Stability in a Post-9/11 World

Commentary | September 12, 2016

Pentagon construction began on September 11, 1941 as America scrambled to respond to an increasingly powerful Nazi Germany and Empire of Japan. Engineers hastily erected the new war department headquarters, which was completed on January 15, 1943.[i] Exactly sixty years later, the Pentagon and its occupants, along with the iconic Twin Towers in Manhattan were attacked by terrorists.  

On this 15th anniversary of 9/11, it is worth reflecting on the tragic loss of life that day. America, and the world, will appropriately recognize this event and mourn its victims. Similarly, we will continue analyzing what we, as a nation, could have done better to prevent and respond to the attacks. The 9/11 Commission Report and many other assessments expertly answered the preponderance of these shortfalls.

Then President George W. Bush promised that America would “hunt down and punish those responsible for these cowardly acts.” And true to America’s word, on May 2, 2011, the United States took decisive action against Usama bin Laden.

So, while we reflect on the loss of life this September 11th, it is also worth considering what has changed in our world since that fateful day.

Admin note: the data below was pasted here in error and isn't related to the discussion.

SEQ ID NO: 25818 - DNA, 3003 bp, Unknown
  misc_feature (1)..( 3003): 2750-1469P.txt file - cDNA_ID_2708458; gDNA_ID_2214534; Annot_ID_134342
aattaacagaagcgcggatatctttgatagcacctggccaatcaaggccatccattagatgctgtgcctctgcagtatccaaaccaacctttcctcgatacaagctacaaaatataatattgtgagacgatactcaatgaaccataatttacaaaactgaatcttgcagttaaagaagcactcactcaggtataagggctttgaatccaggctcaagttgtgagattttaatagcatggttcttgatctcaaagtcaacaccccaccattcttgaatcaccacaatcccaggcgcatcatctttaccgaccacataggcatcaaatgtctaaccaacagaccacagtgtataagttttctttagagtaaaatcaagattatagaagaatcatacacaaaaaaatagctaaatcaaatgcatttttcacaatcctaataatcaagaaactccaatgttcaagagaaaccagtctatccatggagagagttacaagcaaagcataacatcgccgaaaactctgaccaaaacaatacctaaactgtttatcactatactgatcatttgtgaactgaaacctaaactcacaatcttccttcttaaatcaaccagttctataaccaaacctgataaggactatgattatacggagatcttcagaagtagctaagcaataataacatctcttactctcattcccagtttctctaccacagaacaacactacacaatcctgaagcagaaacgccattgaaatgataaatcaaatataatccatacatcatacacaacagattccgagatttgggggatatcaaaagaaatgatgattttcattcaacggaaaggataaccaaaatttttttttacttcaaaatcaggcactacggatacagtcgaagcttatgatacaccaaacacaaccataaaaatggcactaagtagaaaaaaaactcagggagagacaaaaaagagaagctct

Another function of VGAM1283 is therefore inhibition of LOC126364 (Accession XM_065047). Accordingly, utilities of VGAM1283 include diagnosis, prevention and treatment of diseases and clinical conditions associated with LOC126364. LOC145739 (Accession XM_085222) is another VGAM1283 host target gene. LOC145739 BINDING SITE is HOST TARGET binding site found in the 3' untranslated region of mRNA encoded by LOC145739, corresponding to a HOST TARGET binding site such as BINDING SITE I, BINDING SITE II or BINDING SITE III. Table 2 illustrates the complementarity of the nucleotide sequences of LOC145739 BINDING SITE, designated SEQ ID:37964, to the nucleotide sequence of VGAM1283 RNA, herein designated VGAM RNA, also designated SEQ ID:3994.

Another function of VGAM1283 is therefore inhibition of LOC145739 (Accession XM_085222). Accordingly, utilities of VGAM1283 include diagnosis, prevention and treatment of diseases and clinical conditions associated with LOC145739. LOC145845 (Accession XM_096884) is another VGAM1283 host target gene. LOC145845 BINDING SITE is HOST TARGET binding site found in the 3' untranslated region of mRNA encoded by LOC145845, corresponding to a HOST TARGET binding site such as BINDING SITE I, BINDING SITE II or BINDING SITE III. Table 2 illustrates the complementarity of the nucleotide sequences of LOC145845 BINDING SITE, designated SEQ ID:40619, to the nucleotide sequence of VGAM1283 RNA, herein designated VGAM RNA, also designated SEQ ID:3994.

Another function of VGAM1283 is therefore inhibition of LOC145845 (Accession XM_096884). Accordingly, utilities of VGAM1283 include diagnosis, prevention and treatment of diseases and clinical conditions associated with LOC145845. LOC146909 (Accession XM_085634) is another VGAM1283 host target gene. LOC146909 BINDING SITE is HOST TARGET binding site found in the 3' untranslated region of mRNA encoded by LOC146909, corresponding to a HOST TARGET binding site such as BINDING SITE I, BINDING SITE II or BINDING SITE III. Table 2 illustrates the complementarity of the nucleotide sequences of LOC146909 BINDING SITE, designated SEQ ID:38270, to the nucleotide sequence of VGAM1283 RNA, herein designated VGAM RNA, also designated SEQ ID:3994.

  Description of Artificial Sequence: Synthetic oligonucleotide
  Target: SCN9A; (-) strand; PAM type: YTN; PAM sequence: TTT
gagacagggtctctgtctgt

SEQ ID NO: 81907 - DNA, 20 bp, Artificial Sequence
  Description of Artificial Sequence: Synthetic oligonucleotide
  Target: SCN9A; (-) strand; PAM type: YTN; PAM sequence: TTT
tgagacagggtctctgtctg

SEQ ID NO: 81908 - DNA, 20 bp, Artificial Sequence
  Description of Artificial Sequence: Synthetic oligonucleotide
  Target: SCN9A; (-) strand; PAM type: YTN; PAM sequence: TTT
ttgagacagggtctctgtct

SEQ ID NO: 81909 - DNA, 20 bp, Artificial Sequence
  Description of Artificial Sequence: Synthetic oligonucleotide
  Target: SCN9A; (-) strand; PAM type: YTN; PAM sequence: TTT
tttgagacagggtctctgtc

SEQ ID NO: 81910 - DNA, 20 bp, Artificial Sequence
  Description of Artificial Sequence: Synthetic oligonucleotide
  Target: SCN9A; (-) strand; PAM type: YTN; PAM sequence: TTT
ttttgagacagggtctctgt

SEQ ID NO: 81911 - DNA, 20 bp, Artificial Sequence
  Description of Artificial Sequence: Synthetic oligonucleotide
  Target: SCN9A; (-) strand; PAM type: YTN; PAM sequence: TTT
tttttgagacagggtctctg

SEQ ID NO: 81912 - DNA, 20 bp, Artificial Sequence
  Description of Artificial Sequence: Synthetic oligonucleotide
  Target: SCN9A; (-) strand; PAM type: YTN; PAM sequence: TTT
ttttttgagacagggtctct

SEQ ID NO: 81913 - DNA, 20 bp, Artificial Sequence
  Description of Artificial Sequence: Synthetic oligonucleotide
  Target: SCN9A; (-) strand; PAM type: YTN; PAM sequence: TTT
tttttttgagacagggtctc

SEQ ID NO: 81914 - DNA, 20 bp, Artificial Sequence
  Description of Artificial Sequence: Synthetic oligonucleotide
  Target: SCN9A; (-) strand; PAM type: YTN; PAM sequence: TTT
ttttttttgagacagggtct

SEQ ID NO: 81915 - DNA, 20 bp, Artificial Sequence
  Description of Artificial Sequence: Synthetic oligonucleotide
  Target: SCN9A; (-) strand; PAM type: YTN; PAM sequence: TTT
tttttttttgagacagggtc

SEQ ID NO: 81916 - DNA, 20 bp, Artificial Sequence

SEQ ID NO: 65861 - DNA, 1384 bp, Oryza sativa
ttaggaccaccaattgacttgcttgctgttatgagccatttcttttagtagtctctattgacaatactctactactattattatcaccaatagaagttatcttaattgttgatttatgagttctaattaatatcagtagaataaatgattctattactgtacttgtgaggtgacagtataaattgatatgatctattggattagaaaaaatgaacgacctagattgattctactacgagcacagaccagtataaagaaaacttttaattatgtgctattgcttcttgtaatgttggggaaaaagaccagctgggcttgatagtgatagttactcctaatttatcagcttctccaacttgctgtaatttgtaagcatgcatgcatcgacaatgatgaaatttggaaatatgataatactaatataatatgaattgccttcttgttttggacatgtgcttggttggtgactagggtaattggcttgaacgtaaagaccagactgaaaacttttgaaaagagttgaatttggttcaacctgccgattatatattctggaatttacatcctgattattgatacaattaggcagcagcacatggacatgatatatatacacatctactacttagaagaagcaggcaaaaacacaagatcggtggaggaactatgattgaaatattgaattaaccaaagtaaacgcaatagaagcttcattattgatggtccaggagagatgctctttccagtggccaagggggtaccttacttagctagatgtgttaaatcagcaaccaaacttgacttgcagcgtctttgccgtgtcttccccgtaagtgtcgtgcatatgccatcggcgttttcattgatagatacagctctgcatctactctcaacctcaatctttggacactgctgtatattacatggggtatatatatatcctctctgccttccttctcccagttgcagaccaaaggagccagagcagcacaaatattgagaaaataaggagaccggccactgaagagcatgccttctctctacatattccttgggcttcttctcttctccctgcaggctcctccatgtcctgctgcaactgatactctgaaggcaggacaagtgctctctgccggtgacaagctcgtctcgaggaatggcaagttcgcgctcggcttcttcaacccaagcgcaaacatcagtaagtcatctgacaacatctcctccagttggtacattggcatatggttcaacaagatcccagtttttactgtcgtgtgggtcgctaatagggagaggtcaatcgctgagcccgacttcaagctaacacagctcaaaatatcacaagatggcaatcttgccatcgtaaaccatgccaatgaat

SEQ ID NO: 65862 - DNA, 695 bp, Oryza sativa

This article attempts to take inventory of our changing world since the attacks on September 11, 2001, and answer the question of whether our nation and our world are better off fifteen years later. How has the world changed since 9/11? And what portion of these changes is the result of those specific attacks?

The first question paints an interesting picture of the world we live in today. The second, is much more difficult, and maybe overcome by the events of the last fifteen years. I have selected seven topics that may define stability in a post-9/11 world: migration, changes in great power relations, the nature of conflict itself, the Arab Spring (and by extension, the unique instability of the Islamic world), the global peace index, public health and the new world of omnipresent communications.